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Quitting smoking has immediate health effects

The World Health Organization released a new report this week linking the annual deaths of 1.9 million people to tobacco use.

The report was published for World Heart Day by the World Heart Federation and the University of Newcastle in Australia. This is a warning about the dangers of tobacco that can lead to heart disease.

Cardiovascular disease is the leading cause of death on Earth, killing about 17.9 million people each year. The World Health Organization (WHO) reports that smoking and secondhand smoke are responsible for nearly two million of these deaths.

World Heart Day Infographic © World Heart Federation

World Heart Day Infographic © World Heart Federation

Reudigar Krech is WHO’s Director of Health Promotion. He told the VOA that even lifelong smokers who give up their deaths habit can prevent death too early from heart attack or blow.

“It’s good news. “If tobacco users take immediate action now and quit, the risk of heart disease will be reduced by 50% after a year of not smoking,” he said. Kretsch added that the health effects of quitting smoking were immediate.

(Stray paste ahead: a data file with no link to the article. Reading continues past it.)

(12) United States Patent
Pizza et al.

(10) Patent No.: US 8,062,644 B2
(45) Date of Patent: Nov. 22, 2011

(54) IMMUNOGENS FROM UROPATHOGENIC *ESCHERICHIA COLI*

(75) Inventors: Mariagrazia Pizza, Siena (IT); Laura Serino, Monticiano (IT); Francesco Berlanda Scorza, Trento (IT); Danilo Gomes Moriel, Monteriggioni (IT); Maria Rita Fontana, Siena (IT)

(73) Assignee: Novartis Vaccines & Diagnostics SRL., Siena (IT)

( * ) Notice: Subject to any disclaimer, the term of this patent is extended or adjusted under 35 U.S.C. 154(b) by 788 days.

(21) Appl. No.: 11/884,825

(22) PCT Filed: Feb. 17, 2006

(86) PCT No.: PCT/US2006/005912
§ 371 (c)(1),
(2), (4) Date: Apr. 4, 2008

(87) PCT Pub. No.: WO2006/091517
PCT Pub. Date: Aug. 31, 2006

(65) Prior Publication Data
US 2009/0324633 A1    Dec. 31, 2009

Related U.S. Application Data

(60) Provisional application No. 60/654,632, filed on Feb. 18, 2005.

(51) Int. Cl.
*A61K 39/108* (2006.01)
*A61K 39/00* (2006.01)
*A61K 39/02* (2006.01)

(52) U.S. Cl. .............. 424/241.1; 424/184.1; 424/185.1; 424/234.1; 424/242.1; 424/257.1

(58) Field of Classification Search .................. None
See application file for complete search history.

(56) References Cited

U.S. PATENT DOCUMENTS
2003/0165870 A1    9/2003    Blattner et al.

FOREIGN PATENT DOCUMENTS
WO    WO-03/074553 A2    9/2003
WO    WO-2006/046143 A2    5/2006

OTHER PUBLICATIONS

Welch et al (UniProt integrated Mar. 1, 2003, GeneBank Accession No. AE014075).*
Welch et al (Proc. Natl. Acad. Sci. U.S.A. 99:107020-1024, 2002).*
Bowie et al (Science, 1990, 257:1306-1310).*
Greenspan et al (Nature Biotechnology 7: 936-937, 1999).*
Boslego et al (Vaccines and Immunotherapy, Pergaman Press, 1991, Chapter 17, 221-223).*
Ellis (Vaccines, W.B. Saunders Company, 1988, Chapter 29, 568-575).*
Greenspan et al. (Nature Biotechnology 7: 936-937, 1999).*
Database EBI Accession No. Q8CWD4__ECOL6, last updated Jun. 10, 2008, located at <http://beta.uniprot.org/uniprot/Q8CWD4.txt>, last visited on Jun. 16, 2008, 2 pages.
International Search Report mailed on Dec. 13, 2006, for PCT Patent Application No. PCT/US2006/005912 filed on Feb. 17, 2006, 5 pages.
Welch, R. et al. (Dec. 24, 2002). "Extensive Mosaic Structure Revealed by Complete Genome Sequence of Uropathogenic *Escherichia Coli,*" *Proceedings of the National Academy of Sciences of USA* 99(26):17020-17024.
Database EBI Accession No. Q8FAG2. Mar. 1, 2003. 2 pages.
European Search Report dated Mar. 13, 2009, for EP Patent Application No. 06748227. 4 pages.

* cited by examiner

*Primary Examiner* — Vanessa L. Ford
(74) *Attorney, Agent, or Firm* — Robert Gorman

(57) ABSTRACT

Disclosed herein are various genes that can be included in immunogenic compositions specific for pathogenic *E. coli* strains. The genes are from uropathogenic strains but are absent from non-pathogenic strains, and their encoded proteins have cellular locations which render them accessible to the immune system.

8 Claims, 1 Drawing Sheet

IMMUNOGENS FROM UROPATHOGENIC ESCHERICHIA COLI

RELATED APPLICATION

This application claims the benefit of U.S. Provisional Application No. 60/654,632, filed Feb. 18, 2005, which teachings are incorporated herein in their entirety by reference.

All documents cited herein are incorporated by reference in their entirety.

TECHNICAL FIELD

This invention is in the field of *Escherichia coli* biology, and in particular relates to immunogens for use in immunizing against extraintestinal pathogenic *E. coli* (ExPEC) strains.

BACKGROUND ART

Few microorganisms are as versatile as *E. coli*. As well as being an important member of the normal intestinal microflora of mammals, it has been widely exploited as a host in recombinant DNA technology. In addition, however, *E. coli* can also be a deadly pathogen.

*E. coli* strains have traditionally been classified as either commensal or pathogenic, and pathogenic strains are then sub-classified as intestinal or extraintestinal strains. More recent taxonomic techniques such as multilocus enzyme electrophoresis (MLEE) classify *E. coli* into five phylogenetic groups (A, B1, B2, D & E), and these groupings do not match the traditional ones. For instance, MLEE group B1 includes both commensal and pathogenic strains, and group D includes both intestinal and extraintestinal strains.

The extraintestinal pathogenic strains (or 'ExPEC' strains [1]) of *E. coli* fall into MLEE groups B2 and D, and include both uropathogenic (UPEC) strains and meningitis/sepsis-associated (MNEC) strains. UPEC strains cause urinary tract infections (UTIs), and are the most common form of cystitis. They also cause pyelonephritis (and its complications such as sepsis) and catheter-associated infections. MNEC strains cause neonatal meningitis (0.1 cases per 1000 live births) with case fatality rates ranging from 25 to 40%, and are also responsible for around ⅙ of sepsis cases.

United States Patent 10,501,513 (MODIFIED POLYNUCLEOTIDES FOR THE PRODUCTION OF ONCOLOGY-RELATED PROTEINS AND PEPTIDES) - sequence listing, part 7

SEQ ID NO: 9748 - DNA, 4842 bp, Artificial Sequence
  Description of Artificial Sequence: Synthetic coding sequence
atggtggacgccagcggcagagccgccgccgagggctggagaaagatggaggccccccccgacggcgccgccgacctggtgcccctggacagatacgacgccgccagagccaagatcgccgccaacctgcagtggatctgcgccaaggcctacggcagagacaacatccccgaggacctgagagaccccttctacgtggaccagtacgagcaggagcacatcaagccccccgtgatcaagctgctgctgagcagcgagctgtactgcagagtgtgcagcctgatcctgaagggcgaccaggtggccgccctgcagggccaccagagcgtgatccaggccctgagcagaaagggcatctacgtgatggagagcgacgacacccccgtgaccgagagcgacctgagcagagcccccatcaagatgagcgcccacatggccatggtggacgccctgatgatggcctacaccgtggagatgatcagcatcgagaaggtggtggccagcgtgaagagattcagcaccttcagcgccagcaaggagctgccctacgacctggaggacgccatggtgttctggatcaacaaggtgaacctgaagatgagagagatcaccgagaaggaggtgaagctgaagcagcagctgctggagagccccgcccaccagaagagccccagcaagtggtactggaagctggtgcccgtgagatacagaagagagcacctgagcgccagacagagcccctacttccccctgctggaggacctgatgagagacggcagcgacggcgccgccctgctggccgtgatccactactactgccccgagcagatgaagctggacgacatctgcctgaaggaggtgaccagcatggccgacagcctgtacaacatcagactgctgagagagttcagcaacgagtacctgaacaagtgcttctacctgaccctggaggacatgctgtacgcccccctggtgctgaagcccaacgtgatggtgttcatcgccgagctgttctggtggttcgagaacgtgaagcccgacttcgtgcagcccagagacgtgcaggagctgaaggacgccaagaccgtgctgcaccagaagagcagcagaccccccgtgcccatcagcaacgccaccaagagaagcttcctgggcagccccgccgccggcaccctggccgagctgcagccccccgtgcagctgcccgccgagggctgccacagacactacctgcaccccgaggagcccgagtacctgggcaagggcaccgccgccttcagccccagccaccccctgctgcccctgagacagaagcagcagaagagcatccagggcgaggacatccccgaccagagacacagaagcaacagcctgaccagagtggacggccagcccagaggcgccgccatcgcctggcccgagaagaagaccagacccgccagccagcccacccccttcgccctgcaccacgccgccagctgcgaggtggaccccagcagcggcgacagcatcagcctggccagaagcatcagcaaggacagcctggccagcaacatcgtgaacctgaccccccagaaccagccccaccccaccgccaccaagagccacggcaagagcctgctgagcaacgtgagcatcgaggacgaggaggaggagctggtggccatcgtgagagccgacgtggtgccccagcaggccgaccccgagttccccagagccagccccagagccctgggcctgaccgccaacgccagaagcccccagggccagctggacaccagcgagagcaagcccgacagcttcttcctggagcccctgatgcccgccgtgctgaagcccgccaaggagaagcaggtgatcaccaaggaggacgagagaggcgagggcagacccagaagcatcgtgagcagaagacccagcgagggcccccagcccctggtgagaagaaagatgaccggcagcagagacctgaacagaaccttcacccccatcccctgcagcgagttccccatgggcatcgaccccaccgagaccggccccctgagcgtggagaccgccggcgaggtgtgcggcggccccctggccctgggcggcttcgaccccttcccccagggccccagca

Tobacco use is the biggest threat. But other major risks for heart disease include lack of exercise, unhealthy diet, high blood pressure and cholesterol, and being overweight.

In addition, the WHO warns that high blood pressure and heart disease increase the risk of severe COVID-19. Kretsch said people were beginning to realize that smoking during a health crisis was not a good idea.

“There are about 400 million people who want to quit smoking because of COVID-19,” Kretsch said. He also said that people know they can develop harder symptoms if they smoke. Although it is not easy to quit smoking, tools like nicotine stickers are available for assistance.

However, the WHO warns against using smokeless tobacco, which is said to be linked to about 200,000 heart deaths each year. The UN Health Agency adds that e-cigarettes also raise blood pressure. High blood pressure increases the risk of heart disease, as does COVID-19.

Kretsch said governments could help people leave by supporting some simple measures. They can create smoke-free zones, ban tobacco advertising and raise taxes on tobacco products.

I’m Mario Ritter Jr.

Lisa Schlein told this story to VOANEWS. Mario Ritter Jr. adapted it for VOA Learning English. Hi Do was an editor.


Words in this story

habit -n. something that a person does repeatedly or regularly

blow -n. a serious medical condition when a blood vessel in the brain breaks or is blocked

symptom -n. a change in the body or mind that signals the presence of a disease

patch -n. a piece of material adhered to the body that holds and distributes the drug

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